In addition to per-user state, a scenario segment has some global, or collective, states—that is, states associated with the segment as a whole. Consider the following example:

Here, the scenario waits for a particular date and time and then sends an e-mail invitation to all the site’s female users. The state machine for this scenario looks like this:

Notice that, unlike in the promotion example, there are no user-specific events here. Up until the transition to state 3, where the scenario sends e-mail to all women, there is no mention of users at all. Thus, the scenario server cannot use individual scenario instances to maintain the scenario state while scenario execution moves through states 0, 1, and 2. Instead, it uses a collective scenario instance, which is simply another repository item, of type collectiveScenario. The properties of collective instances are a subset of the individual instance properties:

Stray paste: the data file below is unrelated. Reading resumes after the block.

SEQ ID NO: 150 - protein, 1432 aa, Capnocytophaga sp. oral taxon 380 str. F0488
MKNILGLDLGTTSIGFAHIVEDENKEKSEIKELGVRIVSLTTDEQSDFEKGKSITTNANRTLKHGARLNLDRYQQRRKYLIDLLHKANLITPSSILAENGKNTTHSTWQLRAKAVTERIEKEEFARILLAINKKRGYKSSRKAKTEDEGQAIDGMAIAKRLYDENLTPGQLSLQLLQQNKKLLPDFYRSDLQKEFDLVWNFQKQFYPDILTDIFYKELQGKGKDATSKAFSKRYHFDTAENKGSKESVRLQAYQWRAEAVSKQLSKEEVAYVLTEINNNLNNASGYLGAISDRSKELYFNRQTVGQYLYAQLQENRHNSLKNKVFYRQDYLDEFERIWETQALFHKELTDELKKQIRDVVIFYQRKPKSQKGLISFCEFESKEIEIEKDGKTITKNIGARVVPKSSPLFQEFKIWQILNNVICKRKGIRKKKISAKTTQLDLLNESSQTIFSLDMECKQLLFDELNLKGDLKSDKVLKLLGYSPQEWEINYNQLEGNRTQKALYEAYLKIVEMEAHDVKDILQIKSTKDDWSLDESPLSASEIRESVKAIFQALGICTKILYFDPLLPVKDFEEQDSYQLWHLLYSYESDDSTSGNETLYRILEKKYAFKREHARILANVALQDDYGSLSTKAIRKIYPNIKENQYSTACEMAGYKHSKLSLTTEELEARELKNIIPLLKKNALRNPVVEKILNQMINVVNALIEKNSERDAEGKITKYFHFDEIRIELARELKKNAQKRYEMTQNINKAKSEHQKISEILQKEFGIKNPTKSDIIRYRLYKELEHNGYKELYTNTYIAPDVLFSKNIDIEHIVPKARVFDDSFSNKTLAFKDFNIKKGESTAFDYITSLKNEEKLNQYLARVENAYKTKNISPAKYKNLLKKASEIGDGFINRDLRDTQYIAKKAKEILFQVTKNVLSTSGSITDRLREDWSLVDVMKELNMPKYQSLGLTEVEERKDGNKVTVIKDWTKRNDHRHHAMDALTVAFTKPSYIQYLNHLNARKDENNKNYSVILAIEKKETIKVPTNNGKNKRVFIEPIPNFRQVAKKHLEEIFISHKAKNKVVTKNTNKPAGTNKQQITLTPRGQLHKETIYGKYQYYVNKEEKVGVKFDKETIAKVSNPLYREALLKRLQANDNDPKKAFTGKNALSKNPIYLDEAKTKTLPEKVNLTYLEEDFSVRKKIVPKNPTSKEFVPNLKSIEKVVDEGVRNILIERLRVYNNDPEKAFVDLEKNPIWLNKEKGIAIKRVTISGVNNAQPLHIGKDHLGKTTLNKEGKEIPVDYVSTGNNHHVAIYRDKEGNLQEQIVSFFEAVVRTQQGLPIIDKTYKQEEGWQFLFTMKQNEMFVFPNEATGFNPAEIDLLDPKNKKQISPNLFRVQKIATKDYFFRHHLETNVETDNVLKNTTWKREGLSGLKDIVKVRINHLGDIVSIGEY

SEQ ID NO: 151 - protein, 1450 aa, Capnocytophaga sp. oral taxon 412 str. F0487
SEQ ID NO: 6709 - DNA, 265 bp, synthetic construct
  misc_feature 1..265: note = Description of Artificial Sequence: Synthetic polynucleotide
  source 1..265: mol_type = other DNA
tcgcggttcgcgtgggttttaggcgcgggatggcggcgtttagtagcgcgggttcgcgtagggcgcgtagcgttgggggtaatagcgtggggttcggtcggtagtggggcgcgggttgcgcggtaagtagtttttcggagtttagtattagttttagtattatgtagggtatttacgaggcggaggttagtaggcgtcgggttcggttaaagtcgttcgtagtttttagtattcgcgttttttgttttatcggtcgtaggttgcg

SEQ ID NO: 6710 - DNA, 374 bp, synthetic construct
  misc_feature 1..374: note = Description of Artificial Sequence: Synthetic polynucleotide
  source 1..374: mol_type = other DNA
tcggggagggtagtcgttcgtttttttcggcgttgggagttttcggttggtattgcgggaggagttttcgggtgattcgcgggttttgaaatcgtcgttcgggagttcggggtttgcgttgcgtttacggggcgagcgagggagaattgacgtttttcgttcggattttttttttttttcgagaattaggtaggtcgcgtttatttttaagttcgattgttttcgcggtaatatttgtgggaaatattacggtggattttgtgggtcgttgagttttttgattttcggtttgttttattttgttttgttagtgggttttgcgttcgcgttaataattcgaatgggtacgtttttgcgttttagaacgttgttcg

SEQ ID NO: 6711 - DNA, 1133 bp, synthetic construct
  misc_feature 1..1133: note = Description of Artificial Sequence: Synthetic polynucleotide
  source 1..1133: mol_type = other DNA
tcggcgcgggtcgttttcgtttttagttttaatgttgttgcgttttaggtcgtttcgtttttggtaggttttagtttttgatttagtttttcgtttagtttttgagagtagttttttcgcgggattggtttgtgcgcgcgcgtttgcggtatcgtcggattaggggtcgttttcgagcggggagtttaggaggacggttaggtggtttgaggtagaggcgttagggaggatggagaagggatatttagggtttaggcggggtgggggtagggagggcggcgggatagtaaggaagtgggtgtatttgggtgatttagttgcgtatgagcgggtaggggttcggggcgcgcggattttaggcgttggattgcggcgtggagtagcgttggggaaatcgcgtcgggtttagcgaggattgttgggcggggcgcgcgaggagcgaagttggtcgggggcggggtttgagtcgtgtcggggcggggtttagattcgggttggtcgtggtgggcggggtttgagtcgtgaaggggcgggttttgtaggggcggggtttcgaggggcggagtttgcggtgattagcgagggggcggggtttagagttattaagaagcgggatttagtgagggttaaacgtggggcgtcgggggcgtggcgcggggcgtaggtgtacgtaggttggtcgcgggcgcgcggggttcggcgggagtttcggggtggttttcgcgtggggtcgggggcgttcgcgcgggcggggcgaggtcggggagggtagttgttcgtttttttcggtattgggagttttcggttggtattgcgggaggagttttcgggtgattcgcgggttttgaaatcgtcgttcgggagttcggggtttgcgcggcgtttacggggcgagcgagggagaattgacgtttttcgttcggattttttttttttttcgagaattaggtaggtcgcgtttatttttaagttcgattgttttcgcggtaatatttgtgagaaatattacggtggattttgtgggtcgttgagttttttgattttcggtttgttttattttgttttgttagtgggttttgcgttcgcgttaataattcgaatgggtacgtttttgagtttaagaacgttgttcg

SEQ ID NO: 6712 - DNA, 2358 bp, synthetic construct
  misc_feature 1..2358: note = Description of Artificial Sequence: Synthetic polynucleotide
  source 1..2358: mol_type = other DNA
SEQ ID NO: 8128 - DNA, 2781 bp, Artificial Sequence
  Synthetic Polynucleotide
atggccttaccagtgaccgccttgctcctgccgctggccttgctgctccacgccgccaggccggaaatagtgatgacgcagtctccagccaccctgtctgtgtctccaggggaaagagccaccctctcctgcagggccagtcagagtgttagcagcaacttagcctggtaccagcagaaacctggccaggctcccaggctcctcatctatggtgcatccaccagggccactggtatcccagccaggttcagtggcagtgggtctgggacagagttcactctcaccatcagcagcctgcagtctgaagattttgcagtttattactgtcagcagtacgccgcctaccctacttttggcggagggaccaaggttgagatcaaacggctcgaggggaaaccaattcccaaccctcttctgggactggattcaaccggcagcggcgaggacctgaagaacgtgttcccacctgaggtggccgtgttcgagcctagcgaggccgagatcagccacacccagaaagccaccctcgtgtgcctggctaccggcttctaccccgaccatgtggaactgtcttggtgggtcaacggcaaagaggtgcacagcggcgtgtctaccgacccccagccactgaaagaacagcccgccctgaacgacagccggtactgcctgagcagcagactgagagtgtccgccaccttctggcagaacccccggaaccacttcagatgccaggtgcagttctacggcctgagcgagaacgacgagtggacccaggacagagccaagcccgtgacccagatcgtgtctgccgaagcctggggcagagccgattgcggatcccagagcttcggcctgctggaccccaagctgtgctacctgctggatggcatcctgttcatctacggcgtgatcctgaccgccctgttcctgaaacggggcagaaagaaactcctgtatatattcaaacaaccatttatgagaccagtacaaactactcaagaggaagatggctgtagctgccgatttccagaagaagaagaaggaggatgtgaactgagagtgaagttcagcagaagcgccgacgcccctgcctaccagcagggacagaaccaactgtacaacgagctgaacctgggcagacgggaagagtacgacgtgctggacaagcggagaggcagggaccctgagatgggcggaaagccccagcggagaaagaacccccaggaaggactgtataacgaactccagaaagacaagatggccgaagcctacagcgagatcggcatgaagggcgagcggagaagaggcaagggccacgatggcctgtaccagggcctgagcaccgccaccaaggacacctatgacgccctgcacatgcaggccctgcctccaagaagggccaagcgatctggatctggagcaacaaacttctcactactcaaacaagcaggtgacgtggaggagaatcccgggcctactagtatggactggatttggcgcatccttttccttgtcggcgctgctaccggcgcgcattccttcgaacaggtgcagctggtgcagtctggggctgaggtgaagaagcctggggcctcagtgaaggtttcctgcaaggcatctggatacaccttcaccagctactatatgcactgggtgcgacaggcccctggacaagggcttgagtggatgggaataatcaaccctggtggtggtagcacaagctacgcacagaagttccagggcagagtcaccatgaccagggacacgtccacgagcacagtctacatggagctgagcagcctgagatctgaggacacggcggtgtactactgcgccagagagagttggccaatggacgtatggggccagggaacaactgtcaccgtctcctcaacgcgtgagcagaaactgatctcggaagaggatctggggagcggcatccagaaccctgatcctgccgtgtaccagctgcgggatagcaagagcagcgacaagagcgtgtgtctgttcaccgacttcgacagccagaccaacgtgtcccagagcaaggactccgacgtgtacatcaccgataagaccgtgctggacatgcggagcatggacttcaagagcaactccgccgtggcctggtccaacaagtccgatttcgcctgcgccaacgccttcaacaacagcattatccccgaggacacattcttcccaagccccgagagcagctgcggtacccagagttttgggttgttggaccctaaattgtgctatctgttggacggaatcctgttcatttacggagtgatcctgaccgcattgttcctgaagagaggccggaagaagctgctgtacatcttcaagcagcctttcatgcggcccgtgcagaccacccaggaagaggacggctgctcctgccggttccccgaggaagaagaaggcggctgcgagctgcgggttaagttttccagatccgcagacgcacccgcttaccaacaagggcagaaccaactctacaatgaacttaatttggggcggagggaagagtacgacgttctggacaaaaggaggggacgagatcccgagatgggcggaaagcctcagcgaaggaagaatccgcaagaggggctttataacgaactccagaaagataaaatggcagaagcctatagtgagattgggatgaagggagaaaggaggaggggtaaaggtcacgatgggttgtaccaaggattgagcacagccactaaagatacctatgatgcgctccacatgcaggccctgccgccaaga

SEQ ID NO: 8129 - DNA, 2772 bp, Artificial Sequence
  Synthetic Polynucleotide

When a scenario segment is first started, a single collective scenario instance, called the root instance, is always created and placed in the initial SSM state (in the example, state 0). After 1 second goes by, the root instance moves on to the next state, and so on, until the entire scenario state can no longer be represented by the collective instance, and individual instances must be created to hold per-user state. In the promotion example, the collective instance only proceeds as far as state 1 - after a user registers, an individual instance is created for him, and is subsequently responsible for maintaining that user’s scenario state. In the invitation example, however, the root instance proceeds as far as state 2; when taking the transition to state 3, it is replaced with individual instances, one for each of the female users.

In addition, collective scenario instances allow for scenarios which apply to anonymous, as well as registered, users.

Note that, because of database query overhead, individual scenario instances are generally more efficient than collective ones in terms of site performance. For more information, refer to Designing Effective Scenarios.